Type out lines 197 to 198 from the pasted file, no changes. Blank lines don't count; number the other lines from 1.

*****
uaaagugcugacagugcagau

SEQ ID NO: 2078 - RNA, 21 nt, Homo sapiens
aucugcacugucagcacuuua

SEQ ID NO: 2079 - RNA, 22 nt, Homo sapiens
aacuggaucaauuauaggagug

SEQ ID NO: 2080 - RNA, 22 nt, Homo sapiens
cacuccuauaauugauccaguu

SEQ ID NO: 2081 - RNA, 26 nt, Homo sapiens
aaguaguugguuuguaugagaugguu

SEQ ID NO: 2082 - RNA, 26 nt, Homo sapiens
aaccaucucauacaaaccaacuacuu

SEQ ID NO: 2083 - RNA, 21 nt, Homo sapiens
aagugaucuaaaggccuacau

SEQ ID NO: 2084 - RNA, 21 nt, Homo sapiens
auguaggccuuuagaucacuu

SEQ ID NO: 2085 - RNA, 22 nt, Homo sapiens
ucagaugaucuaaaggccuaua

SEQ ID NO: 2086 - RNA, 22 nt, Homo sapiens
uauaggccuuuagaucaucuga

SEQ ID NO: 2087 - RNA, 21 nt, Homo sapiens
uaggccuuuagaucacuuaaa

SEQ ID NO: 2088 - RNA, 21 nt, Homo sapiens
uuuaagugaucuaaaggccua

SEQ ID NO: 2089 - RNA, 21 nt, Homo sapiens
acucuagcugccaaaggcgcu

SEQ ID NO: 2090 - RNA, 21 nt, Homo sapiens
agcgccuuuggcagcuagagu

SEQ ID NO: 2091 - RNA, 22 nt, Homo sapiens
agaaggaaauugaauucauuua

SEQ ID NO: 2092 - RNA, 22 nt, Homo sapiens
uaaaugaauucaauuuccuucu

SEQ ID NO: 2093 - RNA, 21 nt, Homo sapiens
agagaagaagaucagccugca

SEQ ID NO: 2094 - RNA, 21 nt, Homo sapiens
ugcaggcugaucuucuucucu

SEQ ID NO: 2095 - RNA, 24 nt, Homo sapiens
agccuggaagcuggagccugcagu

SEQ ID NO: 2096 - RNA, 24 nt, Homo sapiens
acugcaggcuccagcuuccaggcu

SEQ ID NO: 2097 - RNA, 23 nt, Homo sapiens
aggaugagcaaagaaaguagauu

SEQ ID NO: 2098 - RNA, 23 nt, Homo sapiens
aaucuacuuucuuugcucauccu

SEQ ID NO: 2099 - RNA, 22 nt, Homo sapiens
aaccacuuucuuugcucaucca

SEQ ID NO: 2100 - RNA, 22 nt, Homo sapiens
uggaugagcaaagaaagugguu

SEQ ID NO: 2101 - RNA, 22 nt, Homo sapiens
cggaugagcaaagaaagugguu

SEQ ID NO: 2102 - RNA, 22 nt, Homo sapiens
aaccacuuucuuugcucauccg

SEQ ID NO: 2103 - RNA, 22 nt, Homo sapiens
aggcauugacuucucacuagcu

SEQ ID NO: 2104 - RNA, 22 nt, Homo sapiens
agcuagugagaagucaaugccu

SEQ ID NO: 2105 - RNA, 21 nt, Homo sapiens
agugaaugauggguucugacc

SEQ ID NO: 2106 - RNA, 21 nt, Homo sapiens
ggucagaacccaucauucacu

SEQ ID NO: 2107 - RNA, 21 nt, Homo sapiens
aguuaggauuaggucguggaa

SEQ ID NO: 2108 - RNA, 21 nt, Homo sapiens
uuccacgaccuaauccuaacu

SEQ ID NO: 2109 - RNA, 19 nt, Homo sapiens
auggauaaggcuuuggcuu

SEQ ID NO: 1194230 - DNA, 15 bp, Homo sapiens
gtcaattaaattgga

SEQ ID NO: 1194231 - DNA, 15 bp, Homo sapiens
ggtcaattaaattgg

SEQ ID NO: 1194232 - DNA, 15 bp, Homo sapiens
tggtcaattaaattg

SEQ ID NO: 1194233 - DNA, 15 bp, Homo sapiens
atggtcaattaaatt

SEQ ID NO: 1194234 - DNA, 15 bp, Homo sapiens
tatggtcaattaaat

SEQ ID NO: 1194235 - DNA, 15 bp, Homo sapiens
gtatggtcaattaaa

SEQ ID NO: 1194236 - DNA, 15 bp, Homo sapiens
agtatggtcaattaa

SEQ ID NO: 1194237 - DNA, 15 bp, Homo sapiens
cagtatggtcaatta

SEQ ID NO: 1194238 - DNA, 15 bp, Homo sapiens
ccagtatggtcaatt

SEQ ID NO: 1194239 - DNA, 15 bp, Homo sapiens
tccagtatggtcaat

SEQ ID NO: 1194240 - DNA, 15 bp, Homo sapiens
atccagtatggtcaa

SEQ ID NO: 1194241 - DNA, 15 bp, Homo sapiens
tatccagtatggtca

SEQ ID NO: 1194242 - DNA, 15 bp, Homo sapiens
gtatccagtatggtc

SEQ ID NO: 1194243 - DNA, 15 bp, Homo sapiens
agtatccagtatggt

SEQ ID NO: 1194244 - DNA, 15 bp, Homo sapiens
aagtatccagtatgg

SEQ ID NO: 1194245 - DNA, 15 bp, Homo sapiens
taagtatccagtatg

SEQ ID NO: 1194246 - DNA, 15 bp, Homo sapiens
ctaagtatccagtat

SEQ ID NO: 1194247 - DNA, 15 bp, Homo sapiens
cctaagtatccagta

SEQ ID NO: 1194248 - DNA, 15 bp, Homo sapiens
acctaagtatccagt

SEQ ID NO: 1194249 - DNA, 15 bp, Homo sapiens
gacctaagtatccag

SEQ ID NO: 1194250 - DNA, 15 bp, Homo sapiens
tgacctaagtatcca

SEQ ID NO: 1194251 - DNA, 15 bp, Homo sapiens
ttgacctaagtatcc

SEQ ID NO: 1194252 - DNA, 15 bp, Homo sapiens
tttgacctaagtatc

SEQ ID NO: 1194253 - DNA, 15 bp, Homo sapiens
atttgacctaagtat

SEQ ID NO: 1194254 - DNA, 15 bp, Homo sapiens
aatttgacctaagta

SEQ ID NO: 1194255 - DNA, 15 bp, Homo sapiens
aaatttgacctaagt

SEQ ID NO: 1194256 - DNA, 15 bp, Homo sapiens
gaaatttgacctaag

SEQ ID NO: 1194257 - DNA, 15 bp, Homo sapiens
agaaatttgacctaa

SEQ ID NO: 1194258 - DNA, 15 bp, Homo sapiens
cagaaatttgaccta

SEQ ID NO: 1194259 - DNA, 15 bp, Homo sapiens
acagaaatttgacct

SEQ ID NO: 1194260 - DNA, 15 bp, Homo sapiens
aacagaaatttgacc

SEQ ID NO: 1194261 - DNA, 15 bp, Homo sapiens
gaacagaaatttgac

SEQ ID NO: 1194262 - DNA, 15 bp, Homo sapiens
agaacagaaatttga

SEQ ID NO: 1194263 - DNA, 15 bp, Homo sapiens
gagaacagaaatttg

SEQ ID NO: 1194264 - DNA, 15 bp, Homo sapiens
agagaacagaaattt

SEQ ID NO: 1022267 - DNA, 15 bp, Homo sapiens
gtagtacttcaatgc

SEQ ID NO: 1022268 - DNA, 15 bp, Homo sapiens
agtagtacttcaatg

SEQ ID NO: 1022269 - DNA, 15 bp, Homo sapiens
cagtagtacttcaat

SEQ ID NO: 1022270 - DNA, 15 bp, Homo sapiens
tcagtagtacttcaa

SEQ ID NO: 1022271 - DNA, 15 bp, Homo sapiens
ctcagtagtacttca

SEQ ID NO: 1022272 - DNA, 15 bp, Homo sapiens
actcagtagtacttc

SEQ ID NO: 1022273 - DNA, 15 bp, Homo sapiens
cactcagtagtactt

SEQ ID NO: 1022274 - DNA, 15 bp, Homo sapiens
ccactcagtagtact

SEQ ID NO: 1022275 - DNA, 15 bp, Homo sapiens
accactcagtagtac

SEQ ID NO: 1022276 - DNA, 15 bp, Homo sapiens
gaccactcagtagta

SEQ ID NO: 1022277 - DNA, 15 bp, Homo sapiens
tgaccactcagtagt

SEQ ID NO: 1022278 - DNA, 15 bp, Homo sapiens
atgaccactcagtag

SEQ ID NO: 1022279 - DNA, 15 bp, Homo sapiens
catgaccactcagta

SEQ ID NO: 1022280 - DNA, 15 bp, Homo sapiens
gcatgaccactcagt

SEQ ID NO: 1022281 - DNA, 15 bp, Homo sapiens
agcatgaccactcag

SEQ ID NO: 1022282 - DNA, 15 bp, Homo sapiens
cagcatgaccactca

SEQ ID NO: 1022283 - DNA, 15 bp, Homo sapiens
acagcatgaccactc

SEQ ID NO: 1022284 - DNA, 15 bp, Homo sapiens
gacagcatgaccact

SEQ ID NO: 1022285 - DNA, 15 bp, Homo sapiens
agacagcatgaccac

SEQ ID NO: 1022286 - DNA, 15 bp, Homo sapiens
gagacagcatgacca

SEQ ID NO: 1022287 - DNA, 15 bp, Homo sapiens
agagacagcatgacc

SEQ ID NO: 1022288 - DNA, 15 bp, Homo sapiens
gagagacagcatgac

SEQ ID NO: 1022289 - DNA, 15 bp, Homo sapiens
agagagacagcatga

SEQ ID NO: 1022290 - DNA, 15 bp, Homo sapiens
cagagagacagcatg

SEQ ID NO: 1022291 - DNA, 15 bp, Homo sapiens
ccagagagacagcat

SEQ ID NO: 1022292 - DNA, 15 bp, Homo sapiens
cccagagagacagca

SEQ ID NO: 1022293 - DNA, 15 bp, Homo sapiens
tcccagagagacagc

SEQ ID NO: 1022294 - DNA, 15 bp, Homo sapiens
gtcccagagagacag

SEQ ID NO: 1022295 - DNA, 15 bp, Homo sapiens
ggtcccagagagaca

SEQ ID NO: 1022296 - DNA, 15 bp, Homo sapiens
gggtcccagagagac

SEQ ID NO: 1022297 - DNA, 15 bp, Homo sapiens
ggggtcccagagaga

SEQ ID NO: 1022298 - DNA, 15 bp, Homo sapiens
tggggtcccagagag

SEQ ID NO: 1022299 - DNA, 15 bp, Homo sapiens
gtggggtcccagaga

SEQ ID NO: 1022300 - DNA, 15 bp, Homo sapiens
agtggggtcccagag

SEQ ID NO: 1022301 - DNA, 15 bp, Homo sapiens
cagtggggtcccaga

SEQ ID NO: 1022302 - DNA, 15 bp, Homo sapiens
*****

ggggtcccagagaga

SEQ ID NO: 1022298 - DNA, 15 bp, Homo sapiens